Argentina turns to Isabelita to build unity
As she returned here from Spain last week, Maria Estela Martinez de Peron, widow of Argentina's charismatic former President Juan Domingo Peron, personified the mix of comic opera, emotion, and cold calculation that characterize Argentine politics.
She had been invited back by President Raul Alfonsin, who wanted her support as head of the Peronist party to build a national consensus for austerity measures.
Government officials claim that the President believes ''Isabelita,'' as Mrs. Peron is widely known, is the only person capable of controlling the Peronist party. Pressure for a national consensus on economic policy has become intense in recent weeks as the deadline for reaching an agreement with the International Monetary Fund (IMF) closes in.
Mr. Alfonsin won Isabelita's public approval for national unity - at least temporarily. It is not yet clear how far her support will go or to what extent her party will back her.
But it is clear that she is seen as the possible source for a new social pact among government, political parties, and unions. Alfonsin apparently thinks that Isabelita might be able to rally the feuding segments of her party around an effort to bring down Argentina's spiraling inflation - now running at more than 500 percent.
Mr. Alfonsin would also like to get some sort of endorsement for an eventual agreement with the IMF and for Argentina's outspoken stand on the issue of US interest rates, which it claims are strangling the economies of the region. Argentina is negotiating with the IMF for a plan that would refinance more than
Aflonsin decided to woo the Peronists after a drive to reform the Peronist-dominated trade union movement was defeated in Parliament in February.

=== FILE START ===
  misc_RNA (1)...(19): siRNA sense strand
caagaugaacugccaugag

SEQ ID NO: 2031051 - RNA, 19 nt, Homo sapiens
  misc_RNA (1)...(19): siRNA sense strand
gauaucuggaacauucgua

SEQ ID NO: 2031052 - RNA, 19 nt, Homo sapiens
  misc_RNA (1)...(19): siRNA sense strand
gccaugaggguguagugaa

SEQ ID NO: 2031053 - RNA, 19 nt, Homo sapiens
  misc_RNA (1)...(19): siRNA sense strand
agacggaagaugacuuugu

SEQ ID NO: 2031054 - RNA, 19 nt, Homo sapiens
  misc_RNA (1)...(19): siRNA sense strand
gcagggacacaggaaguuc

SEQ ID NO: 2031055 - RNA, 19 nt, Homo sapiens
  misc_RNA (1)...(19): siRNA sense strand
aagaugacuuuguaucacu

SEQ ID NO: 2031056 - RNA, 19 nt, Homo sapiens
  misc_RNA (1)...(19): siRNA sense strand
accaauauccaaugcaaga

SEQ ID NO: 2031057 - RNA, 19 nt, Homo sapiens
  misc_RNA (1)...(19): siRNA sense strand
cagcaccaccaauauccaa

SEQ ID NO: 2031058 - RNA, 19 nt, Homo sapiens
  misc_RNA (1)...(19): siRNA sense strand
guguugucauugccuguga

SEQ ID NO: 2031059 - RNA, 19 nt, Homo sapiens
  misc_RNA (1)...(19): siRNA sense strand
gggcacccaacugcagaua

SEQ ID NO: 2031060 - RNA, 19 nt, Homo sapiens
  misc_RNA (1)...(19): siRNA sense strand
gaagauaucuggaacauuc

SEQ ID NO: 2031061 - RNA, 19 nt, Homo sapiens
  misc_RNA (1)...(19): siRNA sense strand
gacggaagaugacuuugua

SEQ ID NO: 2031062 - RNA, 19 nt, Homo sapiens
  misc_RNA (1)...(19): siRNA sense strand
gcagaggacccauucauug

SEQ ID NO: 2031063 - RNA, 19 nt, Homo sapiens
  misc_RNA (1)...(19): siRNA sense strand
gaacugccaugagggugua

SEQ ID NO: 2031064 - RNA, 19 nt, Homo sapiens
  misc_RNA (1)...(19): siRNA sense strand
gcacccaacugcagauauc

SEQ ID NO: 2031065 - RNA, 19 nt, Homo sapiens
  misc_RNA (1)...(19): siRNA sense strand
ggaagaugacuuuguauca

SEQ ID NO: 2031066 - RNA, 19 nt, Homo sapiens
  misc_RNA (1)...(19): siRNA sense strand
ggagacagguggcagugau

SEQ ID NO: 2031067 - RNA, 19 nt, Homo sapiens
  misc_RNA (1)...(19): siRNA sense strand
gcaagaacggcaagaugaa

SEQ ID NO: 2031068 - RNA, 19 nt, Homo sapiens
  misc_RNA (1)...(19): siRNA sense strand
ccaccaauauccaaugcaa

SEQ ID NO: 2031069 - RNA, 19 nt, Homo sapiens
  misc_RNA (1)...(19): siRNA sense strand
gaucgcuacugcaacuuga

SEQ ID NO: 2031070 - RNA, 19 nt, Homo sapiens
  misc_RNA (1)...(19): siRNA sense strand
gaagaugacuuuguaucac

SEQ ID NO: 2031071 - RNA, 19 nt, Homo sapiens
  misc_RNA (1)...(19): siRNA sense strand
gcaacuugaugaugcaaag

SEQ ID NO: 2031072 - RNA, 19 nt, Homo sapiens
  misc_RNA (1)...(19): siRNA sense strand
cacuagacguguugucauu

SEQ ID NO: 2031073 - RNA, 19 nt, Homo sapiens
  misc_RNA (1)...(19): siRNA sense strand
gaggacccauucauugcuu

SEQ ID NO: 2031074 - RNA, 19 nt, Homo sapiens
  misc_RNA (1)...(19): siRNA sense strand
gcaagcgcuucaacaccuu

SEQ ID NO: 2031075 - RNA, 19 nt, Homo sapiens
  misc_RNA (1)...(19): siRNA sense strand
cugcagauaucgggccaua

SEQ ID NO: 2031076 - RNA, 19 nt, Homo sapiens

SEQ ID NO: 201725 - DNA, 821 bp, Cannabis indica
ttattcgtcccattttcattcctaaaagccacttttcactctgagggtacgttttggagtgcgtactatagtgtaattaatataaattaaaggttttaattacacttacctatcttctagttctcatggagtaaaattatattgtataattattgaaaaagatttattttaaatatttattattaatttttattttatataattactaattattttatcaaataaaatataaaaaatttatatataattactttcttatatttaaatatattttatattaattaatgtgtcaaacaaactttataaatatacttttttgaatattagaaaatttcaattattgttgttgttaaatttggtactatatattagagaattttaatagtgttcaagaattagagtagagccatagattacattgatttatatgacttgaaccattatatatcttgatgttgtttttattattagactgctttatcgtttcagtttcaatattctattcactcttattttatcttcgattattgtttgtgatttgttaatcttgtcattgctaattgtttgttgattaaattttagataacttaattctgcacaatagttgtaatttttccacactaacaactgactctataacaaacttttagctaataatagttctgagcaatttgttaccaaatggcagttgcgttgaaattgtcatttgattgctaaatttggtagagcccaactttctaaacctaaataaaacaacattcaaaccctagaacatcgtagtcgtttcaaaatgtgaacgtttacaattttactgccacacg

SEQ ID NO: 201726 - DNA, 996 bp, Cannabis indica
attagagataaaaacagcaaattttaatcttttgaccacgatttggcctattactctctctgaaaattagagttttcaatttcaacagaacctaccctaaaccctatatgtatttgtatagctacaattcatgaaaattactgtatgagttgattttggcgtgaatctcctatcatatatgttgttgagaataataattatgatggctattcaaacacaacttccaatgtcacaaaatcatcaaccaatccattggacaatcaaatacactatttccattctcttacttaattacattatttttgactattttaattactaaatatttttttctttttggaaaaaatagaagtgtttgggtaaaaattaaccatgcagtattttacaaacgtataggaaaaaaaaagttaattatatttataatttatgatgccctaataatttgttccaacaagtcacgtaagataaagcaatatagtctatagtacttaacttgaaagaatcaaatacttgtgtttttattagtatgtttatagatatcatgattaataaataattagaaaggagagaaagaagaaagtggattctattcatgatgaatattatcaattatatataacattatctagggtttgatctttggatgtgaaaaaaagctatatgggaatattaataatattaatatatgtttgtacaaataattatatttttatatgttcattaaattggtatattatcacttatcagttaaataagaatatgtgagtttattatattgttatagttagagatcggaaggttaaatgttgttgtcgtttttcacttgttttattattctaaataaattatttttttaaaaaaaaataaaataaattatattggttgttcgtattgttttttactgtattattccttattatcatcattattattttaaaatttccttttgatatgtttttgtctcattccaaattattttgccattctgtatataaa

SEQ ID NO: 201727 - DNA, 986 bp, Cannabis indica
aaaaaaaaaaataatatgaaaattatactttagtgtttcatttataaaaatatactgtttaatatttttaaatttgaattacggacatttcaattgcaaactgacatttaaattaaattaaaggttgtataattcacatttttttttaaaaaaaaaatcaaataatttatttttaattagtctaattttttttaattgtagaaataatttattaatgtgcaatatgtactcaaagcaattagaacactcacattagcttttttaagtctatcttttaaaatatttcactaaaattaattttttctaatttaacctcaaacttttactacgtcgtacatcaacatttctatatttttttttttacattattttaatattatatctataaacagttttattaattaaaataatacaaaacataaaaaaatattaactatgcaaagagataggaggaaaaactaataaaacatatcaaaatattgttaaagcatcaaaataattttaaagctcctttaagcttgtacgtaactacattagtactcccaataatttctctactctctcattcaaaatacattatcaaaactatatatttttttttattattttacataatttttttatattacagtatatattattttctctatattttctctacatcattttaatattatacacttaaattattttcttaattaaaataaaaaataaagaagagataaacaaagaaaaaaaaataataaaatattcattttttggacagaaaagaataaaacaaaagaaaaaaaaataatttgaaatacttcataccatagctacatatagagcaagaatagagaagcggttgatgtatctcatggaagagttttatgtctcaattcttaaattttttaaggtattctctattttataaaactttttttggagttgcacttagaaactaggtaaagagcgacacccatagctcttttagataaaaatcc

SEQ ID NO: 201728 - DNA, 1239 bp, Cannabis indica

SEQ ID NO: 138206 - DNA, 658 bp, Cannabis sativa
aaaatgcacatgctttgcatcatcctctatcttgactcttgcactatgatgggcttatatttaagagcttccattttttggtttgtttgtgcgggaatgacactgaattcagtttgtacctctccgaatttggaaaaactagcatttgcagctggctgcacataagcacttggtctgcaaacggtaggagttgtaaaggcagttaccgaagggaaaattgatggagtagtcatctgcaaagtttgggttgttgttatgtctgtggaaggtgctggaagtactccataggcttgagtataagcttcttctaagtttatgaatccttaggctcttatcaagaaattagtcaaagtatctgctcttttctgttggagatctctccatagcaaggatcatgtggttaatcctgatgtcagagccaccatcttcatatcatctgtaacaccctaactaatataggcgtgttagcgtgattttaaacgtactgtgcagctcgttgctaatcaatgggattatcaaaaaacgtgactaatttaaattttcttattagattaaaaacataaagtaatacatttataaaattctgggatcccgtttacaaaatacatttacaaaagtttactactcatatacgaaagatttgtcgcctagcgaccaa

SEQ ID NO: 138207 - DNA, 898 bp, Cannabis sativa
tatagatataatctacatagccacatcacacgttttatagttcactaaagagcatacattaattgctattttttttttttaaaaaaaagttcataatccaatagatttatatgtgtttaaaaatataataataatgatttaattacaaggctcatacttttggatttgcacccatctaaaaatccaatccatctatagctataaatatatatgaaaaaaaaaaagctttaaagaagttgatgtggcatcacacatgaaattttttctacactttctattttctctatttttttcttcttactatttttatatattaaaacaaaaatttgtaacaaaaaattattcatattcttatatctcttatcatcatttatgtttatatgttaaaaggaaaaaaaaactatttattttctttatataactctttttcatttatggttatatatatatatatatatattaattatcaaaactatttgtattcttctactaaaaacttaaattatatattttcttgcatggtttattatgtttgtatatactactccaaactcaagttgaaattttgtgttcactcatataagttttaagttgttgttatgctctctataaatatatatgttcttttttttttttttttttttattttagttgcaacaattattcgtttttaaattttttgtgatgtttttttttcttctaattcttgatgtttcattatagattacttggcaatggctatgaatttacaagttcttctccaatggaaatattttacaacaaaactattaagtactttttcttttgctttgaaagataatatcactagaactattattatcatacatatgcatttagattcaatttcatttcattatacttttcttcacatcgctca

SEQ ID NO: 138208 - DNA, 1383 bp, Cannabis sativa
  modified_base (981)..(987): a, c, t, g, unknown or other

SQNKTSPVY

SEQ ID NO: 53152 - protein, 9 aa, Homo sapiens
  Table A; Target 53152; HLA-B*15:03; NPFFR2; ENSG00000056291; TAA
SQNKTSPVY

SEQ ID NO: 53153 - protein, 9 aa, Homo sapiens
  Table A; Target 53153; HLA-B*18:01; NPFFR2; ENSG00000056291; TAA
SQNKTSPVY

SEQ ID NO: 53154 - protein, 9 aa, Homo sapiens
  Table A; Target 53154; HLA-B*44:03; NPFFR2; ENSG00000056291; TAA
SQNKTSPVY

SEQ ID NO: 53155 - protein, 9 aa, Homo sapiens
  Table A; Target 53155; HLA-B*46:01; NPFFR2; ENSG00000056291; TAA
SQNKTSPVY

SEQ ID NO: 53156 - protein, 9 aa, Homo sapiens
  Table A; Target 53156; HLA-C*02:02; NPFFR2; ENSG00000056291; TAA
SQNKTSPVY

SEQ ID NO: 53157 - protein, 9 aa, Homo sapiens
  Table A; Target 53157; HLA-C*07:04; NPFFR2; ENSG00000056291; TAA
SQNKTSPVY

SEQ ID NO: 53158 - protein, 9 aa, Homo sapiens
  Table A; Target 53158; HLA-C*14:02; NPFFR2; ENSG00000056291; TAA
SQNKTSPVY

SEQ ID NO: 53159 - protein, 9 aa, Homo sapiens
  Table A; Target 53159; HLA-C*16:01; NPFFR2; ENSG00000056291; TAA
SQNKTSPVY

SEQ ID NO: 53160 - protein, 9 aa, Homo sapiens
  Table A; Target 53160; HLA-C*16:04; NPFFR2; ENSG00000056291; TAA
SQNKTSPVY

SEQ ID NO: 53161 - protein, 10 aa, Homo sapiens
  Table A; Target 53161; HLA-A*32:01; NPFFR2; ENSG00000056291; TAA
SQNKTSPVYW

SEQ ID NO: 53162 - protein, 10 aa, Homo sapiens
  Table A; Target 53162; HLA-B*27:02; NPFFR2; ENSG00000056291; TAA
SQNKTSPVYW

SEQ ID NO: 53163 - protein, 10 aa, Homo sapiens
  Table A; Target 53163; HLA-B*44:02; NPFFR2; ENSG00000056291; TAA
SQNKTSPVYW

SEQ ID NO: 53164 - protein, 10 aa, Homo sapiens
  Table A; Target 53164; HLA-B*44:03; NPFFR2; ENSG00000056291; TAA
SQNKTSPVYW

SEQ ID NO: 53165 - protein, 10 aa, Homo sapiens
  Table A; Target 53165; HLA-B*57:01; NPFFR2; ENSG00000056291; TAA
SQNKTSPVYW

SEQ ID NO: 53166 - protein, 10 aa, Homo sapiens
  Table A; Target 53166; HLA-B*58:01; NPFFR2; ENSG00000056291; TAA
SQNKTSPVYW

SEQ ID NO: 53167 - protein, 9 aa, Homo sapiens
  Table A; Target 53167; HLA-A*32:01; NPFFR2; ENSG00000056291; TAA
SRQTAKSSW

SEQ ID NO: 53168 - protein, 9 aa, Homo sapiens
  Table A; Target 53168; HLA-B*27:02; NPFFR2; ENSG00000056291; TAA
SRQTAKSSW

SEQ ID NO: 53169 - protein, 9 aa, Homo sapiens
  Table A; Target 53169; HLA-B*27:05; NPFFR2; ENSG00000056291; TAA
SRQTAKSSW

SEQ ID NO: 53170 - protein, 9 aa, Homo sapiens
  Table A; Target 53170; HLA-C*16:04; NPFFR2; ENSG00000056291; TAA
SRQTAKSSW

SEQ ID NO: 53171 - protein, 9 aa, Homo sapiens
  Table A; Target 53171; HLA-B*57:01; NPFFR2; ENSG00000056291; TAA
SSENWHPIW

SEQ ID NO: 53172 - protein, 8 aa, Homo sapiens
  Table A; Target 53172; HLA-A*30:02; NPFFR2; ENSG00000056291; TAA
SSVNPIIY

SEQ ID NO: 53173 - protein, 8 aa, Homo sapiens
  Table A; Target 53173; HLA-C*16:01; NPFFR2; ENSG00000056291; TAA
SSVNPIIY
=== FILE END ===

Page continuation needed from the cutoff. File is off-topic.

It remains to be seen whether Isabelita has the political acumen and strength to maintain the loyalties of her party in the days ahead. But she arrived last week - in leather coat, fur scarf, and pungent perfume - flashing smile after smile for thousands of screaming supporters.
There seemed to be no trace of the strain that must have gripped her when, after her husband's death, she ruled Argentina between 1974 and 1976 and plunged the country into political and economic chaos.
She was toppled in a military coup, placed under house arrest, and eventually sent off to exile. With the exception of a brief visit for the inauguration of President Raul Alfonsin last December - she has lived in Madrid since 1981, saying very little.
Before Alfonsin asked her to return home, the Argentine Parliament unanimously exonerated Isabelita from all charges related to her alleged misappropriation of public funds while in office. Justifying this step, Alfonsin has said her return was in the ''national interest.''
Isabelita's return to the center of the political stage stems in part from Alfonsin's invitation, but also comes at the request of the right-wing sector of her party that has always been her base of support.
This group, known as the ''Verticalists,'' says the Peronist movement - an ideologically heterogeneous grouping incorporating different political currents ranging from Mussolini to Marx - should be run along strictly hierarchical lines and that Isabelita is the only ''legitimate'' political heir of General Peron.
They believe that only Isabelita can prevent the party being taken over by the leftists or destroyed by squabbling.
But most local observers believe that a fresh crisis in the Peronist party would be a complicating factor in Argentine politics that could run risks of destabilization.